L13 NPB 101 - Lecture 13 •  SmartSite: – ...

Info iconThis preview shows page 1. Sign up to view the full content.

View Full Document Right Arrow Icon
This is the end of the preview. Sign up to access the rest of the document.

Unformatted text preview: Lecture 13 •  SmartSite: –  Lecture 13 Notes •  Review –  Autonomic Nervous System •  Announcements: –  None •  Motor Control I –  Organiza<on –  Reflex –  Spinal Control •  Reading (Recommended): –  Relevant por<ons of Chapters 5, 7 & 8 1 REV: Autonomic Nervous System •  Extends from CNS to an innervated organ •  Two ­neuron chain •  Two subdivisions –  Preganglionic fiber –  Postganglionic fiber •  Most visceral organs innervated by both SNS & PNS fibers –  Sympathe<c nervous system (SNS) –  Parasympathe<c nervous system (PNS) –  Generally produce opposite effects in a par<cular organ –  Dual innerva<on SNS & PNS allows precise control 2 Effects of ANS on Various Organs Table 7 ­3, pg. 242 3 Motor System I – Organiza<on & Spinal Reflex 4 PNS Soma<c Nervous System •  Consists of axons of motor neurons that originate in spinal cord or brain stem and terminate on skeletal muscle •  Motor neuron releases neurotransmi\er, Ach, which s<mulates muscle contrac<on •  Motor neurons are final common pathway by which various regions of CNS exert control over skeletal muscle ac<vity –  These areas of CNS include spinal cord, motor regions of cortex, basal nuclei, cerebellum, and brain stem 5 Motor System Organiza<on Afferent Sensory (Receptor) P N S Integra<on CNS P N S Motor (Muscle) Efferent Fig. 5 ­12, pg. 142 6 Levels of Organiza<on •  Motor Output can be: –  Voluntary (walking, standing, talking, etc) –  Involuntary (heart beat, breathing, etc) [ANS] –  We will focus on voluntary •  Motor responses range from: –  SIMPLE •  Reflex (automa<c, involuntary and spinal control) –  COMPLEX •  Voluntary movement 7 Reflex •  A stereotyped response to a fixed s<mulus •  5 typical elements STIMULUS Sensor Afferent Path Integra0on Efferent Path Effector RESPONSE 8 Basic Reflex Anatomy 1 Sensor 2 Afferent Path 3 Integra0on 4 Efferent Path 5 Effector 9 Receptors •  Receptors –  Muscle Spindle (length) Whole –  Golgi Tendon Organ (tension/force) Muscle –  Joint Receptor (posi<on) Golgi Tendon •  Muscle fiber types Organ –  Extrafusal (force) Muscle Body & Muscle –  Intrafusal (sensory) Spindle Tendon 10 Muscle Spindle Structure •  Consist of collec<ons of specialized muscle fibers known as intrafusal fibers –  Lie within spindle ­shaped connec<ve <ssue capsules parallel to extrafusal fibers –  Each spindle has its own private efferent and afferent nerve supply –  Play key role in stretch reflex 11 Muscle Spindle Fig. 8 ­24a, pg. 287 12 Muscle Spindle Func<on Primary Afferents Gamma MN Alpha MN Fig. 8 ­25a, pg. 288 13 Stretch Reflex (monosynap<c) •  Primary purpose is to resist tendency for passive stretch of extensor muscles by gravita<onal forces when person is standing upright •  Classic example is patellar tendon, or knee ­ jerk reflex 14 Patellar Tendon (Stretch) Reflex Fig. 8 ­26, pg. 289 15 Muscle Spindle Sensi<vity Fig. 8 ­25bcd, pg. 288 16 Golgi Tendon Organ Fig. 8 ­24b, pg. 287 17 Inverse Stretch Reflex (polysynap<c) Golgi Tendon Organ 18 Withdrawal Reflex (polysynap<c) Fig. 5 ­31, pg. 178 Reciprocal or Antagonis0c Inhibi0on (Muscles grouped in antagonis0c pairs) 19 Cross ­Extensor & Withdrawal Reflexes Fig. 5 ­32, pg. 179 20 ...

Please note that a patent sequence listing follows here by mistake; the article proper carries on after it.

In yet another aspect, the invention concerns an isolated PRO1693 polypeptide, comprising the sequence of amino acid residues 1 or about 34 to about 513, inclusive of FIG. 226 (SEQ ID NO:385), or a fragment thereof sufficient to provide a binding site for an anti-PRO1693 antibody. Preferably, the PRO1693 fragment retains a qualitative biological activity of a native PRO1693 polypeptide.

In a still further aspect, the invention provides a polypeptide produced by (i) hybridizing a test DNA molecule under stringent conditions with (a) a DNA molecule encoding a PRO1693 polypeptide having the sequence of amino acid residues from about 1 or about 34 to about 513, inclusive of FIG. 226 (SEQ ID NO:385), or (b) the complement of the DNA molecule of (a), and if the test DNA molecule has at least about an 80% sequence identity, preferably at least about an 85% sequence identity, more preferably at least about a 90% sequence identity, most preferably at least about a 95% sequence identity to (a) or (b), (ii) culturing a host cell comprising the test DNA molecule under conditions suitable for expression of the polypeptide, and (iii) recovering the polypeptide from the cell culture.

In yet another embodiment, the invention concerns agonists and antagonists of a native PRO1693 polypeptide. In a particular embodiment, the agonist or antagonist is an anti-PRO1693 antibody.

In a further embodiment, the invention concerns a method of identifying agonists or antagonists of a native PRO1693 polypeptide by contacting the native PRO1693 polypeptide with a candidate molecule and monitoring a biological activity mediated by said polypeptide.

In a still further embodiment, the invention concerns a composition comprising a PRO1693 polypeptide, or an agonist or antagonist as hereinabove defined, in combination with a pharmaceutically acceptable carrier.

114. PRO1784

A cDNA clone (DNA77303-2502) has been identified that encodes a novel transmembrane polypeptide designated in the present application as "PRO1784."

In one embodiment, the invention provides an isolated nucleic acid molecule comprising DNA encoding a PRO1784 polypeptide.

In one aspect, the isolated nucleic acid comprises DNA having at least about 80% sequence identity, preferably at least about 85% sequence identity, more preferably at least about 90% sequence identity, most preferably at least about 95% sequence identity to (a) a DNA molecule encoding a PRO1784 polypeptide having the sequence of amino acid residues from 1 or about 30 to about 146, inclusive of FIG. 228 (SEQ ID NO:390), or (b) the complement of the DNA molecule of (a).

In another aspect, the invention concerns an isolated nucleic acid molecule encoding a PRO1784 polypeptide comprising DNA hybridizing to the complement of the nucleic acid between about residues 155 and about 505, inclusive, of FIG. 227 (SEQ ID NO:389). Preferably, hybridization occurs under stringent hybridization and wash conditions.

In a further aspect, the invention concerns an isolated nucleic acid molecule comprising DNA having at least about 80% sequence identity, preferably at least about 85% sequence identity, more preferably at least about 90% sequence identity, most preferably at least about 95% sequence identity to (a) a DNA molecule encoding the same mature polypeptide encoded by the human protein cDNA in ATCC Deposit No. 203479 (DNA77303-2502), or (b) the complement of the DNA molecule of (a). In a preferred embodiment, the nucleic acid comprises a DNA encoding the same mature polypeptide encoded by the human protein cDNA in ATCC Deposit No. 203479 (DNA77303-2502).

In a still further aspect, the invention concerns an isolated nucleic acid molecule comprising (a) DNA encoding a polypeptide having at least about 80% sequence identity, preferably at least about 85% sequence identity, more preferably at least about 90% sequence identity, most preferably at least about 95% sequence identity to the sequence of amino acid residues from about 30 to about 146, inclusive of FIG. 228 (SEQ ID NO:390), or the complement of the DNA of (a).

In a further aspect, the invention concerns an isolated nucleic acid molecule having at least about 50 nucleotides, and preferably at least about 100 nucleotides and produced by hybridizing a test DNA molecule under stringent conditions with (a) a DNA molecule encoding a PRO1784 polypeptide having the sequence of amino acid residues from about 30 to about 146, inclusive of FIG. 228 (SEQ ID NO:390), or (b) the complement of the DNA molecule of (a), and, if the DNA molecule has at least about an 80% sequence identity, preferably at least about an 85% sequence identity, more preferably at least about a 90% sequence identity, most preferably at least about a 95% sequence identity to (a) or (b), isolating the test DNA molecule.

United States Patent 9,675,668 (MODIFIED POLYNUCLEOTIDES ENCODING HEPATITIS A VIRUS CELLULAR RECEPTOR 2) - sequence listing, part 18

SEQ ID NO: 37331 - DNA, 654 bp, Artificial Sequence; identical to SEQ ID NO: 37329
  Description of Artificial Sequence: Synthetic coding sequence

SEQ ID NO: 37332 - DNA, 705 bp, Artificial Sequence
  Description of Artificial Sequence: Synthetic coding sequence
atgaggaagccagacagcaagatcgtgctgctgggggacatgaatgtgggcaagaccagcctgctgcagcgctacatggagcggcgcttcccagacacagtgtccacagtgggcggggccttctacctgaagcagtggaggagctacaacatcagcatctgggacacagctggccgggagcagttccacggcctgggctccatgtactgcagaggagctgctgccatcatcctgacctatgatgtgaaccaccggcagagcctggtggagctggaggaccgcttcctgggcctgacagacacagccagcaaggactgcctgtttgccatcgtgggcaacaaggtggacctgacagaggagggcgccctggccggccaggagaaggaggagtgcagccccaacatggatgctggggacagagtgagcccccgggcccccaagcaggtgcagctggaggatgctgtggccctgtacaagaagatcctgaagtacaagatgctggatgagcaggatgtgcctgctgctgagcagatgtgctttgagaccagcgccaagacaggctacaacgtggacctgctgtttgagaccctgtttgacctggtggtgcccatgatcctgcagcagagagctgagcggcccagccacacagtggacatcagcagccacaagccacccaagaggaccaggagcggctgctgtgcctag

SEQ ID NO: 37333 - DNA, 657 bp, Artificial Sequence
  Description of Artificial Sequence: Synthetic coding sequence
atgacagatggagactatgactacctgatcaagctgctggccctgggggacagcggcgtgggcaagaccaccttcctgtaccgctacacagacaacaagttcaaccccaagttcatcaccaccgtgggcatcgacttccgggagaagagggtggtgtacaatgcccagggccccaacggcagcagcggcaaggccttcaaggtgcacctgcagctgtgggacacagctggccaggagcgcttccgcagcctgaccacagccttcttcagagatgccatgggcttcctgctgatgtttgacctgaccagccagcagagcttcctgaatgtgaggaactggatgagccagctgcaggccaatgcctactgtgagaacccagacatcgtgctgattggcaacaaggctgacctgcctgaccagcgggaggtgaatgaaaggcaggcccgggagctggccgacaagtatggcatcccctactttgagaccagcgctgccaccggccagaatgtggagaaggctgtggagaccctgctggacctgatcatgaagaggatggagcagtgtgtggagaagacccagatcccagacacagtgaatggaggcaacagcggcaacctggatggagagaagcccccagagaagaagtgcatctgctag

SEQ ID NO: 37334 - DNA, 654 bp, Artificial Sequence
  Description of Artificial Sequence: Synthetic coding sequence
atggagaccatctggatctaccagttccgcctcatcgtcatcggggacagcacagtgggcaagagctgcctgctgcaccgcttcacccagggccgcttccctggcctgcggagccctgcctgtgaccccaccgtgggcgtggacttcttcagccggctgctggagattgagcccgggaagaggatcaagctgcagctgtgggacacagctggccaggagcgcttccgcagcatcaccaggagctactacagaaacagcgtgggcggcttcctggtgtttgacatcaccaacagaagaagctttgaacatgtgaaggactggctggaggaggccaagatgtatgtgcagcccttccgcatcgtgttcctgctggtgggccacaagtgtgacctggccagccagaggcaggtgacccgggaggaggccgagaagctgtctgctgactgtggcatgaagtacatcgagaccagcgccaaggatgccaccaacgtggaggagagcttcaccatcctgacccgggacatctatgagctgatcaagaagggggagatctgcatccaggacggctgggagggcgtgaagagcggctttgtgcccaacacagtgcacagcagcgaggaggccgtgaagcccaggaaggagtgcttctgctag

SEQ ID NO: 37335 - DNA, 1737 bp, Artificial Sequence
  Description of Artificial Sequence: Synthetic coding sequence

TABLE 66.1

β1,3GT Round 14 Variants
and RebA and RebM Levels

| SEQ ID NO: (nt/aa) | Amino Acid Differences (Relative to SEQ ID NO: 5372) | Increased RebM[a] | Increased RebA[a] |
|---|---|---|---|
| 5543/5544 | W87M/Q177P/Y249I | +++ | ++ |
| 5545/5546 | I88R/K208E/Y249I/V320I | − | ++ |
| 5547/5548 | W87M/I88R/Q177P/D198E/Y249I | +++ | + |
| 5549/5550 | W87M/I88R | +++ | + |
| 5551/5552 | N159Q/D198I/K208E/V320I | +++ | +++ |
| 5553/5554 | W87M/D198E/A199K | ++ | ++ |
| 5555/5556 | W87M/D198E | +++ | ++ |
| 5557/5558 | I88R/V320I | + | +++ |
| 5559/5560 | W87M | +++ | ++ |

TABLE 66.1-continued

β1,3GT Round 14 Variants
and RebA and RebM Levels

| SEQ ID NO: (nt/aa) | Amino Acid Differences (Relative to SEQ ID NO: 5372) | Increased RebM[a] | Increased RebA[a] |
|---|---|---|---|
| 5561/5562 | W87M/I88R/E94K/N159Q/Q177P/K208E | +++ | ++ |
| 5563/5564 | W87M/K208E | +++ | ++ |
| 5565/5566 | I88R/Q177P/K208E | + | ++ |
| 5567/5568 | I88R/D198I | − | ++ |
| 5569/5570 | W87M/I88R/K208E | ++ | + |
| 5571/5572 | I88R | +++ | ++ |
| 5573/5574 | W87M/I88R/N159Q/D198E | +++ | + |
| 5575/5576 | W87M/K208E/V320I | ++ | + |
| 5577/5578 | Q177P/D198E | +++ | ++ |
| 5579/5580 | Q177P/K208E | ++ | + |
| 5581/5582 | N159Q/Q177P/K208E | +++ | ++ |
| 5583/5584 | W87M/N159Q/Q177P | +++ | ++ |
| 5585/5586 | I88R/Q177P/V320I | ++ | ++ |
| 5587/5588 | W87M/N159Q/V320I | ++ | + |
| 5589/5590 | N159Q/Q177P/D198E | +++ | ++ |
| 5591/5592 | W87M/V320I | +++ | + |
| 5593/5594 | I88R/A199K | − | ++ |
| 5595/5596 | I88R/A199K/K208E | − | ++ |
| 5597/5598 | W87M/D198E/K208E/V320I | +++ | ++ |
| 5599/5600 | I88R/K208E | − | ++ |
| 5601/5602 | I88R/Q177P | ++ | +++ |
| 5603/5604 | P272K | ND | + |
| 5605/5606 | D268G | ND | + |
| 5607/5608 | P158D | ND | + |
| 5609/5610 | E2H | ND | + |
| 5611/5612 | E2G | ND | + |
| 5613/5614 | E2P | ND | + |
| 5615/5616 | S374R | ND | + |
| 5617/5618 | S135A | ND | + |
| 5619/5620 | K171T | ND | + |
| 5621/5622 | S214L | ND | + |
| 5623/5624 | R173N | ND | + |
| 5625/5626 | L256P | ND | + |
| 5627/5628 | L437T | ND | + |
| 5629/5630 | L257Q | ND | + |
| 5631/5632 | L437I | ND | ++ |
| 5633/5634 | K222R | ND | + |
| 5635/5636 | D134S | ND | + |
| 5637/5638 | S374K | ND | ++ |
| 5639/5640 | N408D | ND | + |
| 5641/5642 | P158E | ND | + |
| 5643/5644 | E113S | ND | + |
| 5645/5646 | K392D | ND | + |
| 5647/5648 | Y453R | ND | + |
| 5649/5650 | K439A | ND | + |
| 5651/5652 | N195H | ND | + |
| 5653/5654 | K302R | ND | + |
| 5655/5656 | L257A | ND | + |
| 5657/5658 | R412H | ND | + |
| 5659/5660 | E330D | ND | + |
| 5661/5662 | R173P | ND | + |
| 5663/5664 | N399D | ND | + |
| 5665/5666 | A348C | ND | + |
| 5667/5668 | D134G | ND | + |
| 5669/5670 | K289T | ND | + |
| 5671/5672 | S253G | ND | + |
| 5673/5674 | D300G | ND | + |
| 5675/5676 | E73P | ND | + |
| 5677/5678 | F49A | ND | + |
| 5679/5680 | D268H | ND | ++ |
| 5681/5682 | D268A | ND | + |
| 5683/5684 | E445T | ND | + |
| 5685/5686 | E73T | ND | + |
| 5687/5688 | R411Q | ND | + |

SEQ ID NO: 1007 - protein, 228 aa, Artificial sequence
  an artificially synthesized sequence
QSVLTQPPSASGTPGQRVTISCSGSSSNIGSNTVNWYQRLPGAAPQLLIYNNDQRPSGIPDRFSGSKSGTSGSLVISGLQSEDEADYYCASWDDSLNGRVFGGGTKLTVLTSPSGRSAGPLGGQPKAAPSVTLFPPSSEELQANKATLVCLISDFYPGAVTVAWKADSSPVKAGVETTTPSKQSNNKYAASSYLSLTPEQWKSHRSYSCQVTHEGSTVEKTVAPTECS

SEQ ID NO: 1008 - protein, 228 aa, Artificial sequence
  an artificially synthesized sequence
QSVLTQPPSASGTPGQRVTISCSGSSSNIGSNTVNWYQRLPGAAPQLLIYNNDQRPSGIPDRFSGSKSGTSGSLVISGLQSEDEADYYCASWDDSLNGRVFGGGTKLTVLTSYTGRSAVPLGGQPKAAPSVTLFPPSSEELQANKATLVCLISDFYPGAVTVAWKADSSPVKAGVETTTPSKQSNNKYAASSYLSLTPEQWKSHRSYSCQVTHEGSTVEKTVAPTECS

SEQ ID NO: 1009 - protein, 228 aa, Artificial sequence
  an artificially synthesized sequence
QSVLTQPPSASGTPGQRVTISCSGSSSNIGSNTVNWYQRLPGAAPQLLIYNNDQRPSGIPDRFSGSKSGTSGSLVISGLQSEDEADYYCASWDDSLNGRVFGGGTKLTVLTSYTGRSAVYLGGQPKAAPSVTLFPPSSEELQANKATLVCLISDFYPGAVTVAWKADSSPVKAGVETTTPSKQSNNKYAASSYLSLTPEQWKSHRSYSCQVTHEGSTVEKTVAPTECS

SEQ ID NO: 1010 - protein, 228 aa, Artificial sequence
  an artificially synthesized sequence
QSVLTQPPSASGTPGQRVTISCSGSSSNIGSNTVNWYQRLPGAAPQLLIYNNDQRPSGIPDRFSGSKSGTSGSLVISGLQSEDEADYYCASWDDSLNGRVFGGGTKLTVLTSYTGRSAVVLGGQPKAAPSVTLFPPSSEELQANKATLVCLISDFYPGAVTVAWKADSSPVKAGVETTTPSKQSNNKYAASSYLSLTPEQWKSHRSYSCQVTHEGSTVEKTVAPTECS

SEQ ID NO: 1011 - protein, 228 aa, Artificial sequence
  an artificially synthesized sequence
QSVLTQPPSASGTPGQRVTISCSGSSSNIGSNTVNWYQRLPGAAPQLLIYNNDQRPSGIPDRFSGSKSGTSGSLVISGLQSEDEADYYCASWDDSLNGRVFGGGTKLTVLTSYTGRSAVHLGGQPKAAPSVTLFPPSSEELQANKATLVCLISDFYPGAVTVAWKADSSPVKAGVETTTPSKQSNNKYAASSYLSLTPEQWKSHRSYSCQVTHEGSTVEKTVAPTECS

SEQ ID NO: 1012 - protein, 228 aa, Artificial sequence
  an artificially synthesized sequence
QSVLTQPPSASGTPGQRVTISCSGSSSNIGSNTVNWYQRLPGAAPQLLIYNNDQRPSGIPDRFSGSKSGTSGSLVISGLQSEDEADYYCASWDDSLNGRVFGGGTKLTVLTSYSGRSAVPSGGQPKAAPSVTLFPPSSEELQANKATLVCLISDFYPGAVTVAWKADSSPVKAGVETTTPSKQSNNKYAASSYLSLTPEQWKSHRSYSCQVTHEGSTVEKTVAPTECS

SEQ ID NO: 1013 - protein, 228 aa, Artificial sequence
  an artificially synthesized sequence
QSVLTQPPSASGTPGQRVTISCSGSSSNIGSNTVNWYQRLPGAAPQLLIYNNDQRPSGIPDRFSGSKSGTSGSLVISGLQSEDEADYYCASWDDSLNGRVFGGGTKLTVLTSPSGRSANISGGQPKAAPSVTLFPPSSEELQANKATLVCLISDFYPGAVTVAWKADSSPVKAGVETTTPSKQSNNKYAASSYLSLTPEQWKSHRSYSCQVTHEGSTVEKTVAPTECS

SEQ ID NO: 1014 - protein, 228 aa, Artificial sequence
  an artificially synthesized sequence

View Full Document

Ask a homework question - tutors are online